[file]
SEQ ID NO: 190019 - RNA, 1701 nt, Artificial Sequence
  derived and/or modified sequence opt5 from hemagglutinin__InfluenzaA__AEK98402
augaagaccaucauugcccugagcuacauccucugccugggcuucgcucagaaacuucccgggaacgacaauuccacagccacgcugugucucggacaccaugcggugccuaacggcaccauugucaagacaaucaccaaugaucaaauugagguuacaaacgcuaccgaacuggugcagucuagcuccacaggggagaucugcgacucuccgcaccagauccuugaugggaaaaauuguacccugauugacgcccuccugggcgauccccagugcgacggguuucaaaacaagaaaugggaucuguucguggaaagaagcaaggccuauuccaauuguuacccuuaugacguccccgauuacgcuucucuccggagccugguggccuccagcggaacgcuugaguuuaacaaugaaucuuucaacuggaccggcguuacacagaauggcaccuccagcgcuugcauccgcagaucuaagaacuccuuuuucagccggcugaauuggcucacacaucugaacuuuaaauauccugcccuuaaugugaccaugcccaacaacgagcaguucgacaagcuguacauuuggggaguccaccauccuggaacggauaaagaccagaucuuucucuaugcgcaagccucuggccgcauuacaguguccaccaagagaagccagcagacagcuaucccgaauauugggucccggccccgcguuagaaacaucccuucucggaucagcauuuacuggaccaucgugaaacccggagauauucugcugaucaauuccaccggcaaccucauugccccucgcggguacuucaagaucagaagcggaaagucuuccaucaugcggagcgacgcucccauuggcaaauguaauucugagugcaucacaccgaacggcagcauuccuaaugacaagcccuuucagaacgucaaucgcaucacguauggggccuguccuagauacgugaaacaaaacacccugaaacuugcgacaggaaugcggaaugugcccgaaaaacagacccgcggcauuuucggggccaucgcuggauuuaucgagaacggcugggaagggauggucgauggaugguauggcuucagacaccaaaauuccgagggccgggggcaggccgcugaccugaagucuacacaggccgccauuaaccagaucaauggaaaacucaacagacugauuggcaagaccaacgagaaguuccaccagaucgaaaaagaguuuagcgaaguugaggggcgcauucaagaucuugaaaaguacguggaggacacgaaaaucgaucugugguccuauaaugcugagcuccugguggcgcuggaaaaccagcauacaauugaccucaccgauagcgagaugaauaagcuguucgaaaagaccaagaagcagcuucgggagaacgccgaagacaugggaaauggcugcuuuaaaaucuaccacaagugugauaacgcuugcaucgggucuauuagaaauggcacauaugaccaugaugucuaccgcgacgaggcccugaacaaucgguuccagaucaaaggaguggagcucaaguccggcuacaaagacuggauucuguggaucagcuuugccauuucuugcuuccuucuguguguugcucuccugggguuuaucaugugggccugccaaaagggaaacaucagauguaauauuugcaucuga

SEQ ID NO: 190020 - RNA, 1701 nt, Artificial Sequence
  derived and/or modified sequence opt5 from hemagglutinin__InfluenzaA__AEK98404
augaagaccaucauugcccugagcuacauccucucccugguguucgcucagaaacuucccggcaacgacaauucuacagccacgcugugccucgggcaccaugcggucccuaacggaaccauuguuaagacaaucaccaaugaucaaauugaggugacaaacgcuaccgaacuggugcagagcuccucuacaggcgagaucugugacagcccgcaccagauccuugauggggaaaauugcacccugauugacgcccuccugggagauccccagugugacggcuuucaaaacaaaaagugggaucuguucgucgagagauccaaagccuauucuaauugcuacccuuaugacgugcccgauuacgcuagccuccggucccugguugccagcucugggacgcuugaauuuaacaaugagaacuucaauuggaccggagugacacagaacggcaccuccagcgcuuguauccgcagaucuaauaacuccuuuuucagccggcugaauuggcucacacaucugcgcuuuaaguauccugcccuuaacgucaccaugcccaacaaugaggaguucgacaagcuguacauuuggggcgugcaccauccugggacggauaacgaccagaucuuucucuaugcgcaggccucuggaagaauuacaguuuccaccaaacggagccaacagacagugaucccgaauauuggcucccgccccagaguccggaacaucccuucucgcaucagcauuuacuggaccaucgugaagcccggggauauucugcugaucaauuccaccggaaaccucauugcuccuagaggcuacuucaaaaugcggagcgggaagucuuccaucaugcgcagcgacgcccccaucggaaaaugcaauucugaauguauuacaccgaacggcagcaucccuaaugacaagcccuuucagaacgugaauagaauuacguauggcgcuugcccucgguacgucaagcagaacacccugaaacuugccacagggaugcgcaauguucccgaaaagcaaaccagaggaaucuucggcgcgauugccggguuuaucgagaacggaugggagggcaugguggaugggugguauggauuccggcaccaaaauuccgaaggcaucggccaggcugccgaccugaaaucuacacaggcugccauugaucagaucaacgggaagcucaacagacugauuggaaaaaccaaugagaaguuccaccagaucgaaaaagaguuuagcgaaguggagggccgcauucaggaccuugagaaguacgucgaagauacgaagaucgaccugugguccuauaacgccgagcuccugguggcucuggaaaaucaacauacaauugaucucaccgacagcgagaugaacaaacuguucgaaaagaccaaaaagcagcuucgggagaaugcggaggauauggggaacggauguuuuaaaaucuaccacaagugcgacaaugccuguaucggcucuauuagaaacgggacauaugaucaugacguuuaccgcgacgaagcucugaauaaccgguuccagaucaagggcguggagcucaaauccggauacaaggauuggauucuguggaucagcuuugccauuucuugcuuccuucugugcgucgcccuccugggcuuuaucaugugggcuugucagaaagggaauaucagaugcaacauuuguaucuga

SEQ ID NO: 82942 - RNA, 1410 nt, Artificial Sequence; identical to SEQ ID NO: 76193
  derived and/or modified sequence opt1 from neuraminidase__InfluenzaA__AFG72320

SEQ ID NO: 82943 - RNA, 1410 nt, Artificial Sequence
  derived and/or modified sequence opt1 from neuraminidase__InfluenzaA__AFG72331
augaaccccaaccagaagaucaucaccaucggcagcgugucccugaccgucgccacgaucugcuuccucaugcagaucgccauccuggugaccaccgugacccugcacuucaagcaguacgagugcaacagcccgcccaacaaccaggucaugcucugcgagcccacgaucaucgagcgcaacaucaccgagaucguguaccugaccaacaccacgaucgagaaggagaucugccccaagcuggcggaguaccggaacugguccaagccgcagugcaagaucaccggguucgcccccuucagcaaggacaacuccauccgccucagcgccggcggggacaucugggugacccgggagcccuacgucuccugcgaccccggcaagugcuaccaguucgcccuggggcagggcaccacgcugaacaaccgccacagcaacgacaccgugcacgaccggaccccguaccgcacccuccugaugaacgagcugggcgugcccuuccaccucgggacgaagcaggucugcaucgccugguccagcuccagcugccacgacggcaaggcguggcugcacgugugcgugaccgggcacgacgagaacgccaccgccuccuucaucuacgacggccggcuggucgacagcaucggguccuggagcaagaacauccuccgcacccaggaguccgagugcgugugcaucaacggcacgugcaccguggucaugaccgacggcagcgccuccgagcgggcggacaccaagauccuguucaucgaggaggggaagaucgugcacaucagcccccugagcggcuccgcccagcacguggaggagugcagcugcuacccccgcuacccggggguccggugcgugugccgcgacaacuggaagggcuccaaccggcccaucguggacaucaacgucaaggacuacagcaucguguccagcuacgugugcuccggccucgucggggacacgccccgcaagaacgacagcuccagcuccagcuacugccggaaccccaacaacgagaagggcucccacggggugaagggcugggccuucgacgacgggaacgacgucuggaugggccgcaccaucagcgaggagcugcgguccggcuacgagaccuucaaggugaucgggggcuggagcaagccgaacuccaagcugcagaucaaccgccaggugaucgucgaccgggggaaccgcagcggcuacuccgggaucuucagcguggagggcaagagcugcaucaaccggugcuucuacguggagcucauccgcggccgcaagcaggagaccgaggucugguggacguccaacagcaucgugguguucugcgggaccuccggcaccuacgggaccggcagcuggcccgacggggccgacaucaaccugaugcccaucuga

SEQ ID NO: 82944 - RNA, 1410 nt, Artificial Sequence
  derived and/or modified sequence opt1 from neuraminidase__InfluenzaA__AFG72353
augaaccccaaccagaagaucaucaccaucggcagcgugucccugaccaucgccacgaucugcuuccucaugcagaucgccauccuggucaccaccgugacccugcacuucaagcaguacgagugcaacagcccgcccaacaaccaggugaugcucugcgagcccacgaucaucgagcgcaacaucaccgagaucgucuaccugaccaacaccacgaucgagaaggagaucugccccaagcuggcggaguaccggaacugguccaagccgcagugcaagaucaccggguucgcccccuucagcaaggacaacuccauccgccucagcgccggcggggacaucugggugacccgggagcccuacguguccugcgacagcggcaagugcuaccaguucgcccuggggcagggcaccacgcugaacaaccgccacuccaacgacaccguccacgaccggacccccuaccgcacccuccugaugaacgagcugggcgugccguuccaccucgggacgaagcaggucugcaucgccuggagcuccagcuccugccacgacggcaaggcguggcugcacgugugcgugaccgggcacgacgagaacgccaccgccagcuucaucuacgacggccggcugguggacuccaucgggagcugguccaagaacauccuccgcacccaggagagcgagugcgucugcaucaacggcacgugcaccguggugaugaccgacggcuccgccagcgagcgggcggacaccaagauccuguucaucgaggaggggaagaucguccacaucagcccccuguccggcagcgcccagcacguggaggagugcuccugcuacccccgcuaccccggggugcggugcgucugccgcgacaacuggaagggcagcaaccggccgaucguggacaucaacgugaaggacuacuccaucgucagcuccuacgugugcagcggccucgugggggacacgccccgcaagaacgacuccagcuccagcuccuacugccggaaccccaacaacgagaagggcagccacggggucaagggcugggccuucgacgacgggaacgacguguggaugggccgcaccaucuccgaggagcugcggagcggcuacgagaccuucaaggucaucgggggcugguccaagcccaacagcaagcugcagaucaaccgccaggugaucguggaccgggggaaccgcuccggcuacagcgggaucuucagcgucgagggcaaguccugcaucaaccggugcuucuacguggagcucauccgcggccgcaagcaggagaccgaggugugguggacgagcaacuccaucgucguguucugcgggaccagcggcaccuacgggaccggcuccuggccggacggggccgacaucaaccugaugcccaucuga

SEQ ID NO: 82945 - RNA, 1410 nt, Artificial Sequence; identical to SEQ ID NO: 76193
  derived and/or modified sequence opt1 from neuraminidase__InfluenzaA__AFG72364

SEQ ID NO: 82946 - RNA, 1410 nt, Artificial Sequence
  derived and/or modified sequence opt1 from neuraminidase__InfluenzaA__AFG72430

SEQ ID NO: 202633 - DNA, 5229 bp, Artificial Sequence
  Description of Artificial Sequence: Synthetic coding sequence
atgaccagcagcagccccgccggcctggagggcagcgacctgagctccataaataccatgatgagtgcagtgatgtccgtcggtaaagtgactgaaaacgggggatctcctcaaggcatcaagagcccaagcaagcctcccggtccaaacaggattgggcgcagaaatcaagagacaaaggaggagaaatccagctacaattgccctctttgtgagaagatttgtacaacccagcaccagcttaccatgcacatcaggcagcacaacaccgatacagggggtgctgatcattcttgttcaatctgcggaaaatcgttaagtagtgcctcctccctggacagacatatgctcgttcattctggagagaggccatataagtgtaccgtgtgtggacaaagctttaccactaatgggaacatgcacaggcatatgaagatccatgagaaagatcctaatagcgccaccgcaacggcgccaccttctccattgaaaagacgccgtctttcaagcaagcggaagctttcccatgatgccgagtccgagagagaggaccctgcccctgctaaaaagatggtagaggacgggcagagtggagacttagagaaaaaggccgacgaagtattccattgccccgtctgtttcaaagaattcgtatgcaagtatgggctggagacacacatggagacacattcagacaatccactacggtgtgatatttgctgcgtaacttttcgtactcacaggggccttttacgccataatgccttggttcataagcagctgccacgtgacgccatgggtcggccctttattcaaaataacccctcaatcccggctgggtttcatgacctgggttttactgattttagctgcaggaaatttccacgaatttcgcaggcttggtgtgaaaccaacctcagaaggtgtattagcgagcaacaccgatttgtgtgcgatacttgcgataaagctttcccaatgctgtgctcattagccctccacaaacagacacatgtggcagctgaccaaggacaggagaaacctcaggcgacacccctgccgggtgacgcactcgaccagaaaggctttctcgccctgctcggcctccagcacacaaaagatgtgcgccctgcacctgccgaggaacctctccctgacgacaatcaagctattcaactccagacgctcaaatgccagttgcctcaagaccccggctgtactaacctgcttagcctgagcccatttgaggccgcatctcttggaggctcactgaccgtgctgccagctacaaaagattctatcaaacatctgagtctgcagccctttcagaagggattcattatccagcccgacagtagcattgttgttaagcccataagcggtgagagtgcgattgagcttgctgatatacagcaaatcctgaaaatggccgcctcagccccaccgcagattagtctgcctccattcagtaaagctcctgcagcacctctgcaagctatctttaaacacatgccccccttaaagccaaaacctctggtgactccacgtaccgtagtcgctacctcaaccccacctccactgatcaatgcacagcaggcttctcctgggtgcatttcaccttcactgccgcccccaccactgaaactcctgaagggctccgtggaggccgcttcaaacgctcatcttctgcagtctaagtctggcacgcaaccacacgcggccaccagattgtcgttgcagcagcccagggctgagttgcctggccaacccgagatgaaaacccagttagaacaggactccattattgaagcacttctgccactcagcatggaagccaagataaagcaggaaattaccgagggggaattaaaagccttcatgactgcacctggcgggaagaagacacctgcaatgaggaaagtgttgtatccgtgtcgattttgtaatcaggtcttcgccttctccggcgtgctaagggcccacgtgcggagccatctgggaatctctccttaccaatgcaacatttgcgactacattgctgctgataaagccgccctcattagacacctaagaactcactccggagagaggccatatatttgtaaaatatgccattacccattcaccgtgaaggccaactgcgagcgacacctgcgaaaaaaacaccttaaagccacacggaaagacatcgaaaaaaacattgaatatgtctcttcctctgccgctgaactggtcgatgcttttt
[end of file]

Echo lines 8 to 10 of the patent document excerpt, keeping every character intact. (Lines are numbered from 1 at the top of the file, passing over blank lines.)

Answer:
  derived and/or modified sequence opt1 from neuraminidase__InfluenzaA__AFG72320

SEQ ID NO: 82943 - RNA, 1410 nt, Artificial Sequence
  derived and/or modified sequence opt1 from neuraminidase__InfluenzaA__AFG72331